Cash-strapped SA Navy takes aim at new torpedoes
Critics aghast as navy seeks new munitions said to cost about R60-million each
The navy is buying state-of-the-art torpedoes for its arms-deal submarines even as the rest of its fleet battles to stay afloat.
This week Armscor confirmed plans to buy a new torpedo system for Heroine-class submarines to replace their ageing torpedo stockpile, which is kept in a high-security facility in Cape Town.
It is unclear how many new-generation fibre-optic guided torpedoes are on the shopping list, but an industry expert said each one cost as much as R60-million.
News of the acquisition coincides with a military budget crisis, with the navy unable to afford vital offshore patrol vessels. The government has also delayed a massive naval shipbuilding programme (projects Biro and Hotel), which would create thousands of jobs.While patrol vessels are widely considered an essential item, the same cannot be said of new torpedoes, which may cost billions and are unlikely ever to be used. Worldwide there have only been three torpedo engagements since World War 2.
"There is no way we need new torpedoes," said one arms industry insider. "They also have no value to the local industry. The value to the country of a torpedo weapons system is minuscule compared with building a ship."
Earlier this year naval chiefs confirmed severe operational challenges stemming from a R5-billion cut in military spending across the army, air force and navy. They are unable to fill 2,000 staff vacancies and said they may soon be forced to shed a further 600 jobs.
Paul Hoffman SC, founding director of Accountability Now, questioned whether torpedo acquisition was even legal. "I doubt that procuring torpedoes will comply with any of the criteria that bind the state: fair, equitable, transparent, competitive and cost-effective.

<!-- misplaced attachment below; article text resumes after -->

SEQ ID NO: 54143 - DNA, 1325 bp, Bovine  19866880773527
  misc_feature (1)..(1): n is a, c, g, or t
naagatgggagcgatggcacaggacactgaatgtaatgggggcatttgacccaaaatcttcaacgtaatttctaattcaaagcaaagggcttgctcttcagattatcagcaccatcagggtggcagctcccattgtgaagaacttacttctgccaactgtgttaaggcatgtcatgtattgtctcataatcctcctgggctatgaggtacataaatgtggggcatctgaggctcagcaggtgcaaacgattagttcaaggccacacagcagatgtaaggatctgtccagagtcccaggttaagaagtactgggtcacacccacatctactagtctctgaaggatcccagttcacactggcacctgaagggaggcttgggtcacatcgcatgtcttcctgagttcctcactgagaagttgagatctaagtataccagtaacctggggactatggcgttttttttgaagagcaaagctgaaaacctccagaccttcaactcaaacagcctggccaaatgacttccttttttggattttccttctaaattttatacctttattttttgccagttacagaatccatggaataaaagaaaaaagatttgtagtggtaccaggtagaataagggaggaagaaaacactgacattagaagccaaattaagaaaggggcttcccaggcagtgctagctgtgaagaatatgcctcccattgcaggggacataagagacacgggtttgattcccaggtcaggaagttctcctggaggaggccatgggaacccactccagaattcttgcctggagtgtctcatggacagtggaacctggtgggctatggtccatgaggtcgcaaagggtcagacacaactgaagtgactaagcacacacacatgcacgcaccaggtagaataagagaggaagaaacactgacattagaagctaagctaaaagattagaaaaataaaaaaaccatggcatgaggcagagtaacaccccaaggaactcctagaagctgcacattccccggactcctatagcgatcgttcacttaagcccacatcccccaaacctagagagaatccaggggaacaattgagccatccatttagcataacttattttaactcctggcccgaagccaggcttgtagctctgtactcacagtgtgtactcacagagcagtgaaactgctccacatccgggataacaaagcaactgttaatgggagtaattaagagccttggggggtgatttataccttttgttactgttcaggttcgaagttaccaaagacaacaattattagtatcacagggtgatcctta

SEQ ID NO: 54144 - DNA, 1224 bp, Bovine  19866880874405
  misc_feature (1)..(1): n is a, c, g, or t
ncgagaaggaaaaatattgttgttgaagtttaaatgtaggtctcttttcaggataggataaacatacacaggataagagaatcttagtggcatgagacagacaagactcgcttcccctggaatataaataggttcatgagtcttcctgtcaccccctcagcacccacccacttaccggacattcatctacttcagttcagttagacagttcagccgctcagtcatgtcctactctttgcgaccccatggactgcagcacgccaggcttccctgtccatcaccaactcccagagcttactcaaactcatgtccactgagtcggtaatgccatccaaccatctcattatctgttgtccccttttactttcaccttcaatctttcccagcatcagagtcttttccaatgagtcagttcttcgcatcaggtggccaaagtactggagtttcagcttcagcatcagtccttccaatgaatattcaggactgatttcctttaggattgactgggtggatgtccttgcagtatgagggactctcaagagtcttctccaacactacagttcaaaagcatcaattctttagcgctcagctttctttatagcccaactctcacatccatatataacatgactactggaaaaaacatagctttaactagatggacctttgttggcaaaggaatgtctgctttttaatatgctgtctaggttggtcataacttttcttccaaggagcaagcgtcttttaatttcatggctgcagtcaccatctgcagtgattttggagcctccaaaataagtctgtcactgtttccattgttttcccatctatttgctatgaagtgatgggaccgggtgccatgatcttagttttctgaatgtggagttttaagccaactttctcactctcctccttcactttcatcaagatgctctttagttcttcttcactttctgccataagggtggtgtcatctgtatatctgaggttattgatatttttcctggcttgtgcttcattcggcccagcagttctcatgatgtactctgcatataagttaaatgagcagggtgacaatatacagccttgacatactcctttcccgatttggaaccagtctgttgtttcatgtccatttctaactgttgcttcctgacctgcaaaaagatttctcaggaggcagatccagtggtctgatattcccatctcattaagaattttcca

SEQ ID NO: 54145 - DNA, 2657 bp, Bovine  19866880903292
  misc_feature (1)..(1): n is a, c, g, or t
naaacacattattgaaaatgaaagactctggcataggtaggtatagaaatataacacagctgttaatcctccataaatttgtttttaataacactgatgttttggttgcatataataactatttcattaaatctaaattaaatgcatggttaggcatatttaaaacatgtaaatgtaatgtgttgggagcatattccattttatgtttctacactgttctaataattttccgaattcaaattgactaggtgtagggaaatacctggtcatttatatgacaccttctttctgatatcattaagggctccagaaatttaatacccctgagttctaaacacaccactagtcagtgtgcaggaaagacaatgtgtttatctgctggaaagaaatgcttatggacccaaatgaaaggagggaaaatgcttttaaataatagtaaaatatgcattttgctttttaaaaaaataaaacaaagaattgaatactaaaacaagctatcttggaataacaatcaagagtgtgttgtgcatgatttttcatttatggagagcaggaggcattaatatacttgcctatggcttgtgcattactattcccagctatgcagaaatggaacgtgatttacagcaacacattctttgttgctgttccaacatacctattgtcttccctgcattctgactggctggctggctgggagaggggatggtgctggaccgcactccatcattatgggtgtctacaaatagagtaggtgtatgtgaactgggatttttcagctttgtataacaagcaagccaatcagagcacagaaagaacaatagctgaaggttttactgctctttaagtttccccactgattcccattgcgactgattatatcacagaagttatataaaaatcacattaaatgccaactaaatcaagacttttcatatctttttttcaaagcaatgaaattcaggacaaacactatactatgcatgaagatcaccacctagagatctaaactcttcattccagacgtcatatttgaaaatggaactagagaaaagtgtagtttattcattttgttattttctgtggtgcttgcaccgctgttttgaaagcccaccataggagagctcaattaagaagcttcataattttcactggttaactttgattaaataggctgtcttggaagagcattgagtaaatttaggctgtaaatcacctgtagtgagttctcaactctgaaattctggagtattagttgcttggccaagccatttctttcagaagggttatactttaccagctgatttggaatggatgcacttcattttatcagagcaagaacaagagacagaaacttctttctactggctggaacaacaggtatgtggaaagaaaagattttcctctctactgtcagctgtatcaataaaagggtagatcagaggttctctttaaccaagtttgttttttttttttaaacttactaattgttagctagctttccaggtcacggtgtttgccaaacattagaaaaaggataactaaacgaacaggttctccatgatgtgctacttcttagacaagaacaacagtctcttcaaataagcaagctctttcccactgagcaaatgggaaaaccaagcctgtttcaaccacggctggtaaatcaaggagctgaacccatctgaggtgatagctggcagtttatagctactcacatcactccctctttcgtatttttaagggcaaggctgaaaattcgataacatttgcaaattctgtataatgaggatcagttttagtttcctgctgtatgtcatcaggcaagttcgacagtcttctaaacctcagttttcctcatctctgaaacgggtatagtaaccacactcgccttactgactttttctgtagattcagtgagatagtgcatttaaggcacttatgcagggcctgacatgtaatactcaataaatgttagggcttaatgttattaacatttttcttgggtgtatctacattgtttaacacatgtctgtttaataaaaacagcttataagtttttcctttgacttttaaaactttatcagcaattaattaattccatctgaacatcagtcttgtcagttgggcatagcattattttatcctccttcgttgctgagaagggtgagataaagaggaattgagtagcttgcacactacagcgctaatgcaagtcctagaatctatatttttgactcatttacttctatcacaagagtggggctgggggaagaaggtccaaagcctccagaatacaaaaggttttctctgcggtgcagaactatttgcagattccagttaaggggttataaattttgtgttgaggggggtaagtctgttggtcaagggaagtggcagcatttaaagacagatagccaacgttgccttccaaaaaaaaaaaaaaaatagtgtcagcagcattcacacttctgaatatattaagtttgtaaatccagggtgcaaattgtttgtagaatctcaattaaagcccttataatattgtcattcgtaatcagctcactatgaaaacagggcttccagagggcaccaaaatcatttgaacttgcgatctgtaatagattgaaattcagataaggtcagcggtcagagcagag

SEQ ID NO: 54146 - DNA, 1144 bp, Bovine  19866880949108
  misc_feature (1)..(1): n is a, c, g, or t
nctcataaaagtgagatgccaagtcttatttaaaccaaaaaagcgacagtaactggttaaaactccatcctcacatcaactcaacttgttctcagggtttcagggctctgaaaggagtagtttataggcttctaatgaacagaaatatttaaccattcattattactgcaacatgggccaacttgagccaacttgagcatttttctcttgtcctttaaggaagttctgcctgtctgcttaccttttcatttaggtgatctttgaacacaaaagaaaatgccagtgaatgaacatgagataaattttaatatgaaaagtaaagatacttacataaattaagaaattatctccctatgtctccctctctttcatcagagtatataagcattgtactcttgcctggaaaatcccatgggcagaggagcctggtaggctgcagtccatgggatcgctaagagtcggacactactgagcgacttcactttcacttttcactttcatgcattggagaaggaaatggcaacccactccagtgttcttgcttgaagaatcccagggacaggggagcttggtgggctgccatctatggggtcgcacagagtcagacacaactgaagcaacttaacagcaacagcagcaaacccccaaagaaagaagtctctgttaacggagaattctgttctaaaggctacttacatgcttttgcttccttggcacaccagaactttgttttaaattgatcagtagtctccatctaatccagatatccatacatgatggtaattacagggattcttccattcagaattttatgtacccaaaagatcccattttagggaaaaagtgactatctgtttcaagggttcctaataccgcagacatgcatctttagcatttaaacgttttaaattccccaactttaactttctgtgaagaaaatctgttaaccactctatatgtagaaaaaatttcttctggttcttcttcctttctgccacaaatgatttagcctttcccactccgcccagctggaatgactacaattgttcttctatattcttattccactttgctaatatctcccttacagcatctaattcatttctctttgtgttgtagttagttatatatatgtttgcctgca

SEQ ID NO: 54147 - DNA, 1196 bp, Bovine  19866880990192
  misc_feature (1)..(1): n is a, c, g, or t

"What is wrong with the existing stock? Who would we use torpedoes on, and why can't we find a cheaper local alternative?" Hoffman said.
UPGRADE NOT UNEXPECTED
But military sources said submarines without torpedoes were like frigates without fuel. The weapons acted as a deterrent against would-be aggressors. The torpedo upgrade had also been on the cards for several years and was not unexpected.
"The problem is if you do away with torpedoes then why have a submarine? It no longer becomes the same deterrent," said one retired senior naval officer.
"Nothing like this starts suddenly - it [the tender] is something that must have been there for a long time and is now coming up."
Anti-arms industry activist Terry Crawford-Browne questioned the need for new torpedoes when the military had not used the first batch. "It is just absurd that we continually squander money," he said.
Defence consultant Helmoed Heitman lamented the timing of the torpedo tender but said the hardware was necessary to replace outdated stock.
"The timing is unfortunate because [Project] Biro has been postponed," Heitman said.